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Two Poems:

Elena Ceauçescu's Bed

Making ourselves at home in that broad bed
        Elena left, we slept snug as the mouse
That, burrowing in guest room blankets, fed
        Her brood last winter in our summer house.

What bed, through all our lives long, had we known
        If not the tyrant's? How many had been driven
Homeless and hungering while I had my own
        Bed, my own room? How many have been given

Lives at hard labor while our markets rose
        And we had all we asked for in the lands
Of milk and honey? Where could you find those
        Who hunted, once, that hill where my house stands?

There'll be just one bed, too soon, for us all.
        What empire's hacked out by the meek, the kind?
The lioness kills; the lion feasts; the small
        Bury their noses in what's left behind.


in lane, out, veering
past eighteen-wheelers eighty-
five or ninety, reading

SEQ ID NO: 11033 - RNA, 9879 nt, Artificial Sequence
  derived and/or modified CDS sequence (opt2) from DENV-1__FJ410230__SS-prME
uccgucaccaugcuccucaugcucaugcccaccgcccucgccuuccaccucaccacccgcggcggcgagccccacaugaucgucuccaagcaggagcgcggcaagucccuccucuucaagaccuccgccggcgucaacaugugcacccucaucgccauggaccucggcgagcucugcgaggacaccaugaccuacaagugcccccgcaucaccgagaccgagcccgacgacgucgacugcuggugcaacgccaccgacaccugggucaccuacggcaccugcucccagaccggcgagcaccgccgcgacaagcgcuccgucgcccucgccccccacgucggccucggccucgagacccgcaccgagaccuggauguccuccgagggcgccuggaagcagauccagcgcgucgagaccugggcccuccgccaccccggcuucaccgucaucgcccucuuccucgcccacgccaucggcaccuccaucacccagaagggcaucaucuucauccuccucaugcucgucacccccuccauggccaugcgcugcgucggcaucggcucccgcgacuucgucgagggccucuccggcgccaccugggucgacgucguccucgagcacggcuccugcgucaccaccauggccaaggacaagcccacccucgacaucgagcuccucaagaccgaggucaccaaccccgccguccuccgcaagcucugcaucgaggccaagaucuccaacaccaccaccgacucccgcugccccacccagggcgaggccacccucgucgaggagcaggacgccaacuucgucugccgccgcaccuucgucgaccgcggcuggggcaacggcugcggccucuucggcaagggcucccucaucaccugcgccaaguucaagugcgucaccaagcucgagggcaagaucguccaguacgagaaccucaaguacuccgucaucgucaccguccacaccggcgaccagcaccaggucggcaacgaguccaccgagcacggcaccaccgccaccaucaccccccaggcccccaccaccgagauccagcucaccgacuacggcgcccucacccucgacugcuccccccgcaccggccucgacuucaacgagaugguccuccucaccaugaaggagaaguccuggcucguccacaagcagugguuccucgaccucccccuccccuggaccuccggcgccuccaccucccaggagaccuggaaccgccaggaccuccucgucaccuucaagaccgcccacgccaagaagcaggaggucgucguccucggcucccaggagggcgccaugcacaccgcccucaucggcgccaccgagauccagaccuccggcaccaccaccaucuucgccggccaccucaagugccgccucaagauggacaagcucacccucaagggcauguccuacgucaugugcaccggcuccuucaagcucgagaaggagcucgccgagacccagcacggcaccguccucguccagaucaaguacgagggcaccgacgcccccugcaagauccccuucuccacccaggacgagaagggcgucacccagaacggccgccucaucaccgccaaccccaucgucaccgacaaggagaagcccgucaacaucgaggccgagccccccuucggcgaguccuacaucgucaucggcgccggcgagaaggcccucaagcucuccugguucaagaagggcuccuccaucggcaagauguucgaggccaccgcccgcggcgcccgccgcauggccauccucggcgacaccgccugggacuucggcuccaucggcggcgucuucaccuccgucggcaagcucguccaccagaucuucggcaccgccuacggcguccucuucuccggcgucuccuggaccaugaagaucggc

that true romance or new
true gospel propped right-angled
on your steering wheel along
this 8-lane turnpike to
some crucial contract meeting,
some catechism class, your grown
kid's high school graduation
or some far-off impatient
lover — don't go fumbling
after maps or for your cell phone
for directions; such destinations
recede from you or crumble;
don't wave your free hand to
dry your nails or pull askew
the rearview mirror to repair
your lipstick, eye paint, hairdo —
and even if your goal stands firm,
it isn't likely you'll arrive
at that Good Book's good juicy parts
in which he gets her and kind hearts
lap up virtue's wages;
nonetheless, those fixed pages
wait for you, unfaltering,
mandatory, unaltered
as carved stone slabs, and just so
we do our housework, homework,
to the tunes and credos of
Soap-Oprahland, make love,
make money or make war
to the half-forgotten morals from
film scripts whose musics hum
in our numbed skulls forevermore
and, while we're human, don't do
just what we do; this world's not what
this world's cracked up to be or what
we're cranked up and then cracked up for.

W. D. Snodgrass
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New and Selected Poems

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Copyright © 2006 by W. D. Snodgrass.
All rights reserved.
Reproduced by Poetry Daily with permission.

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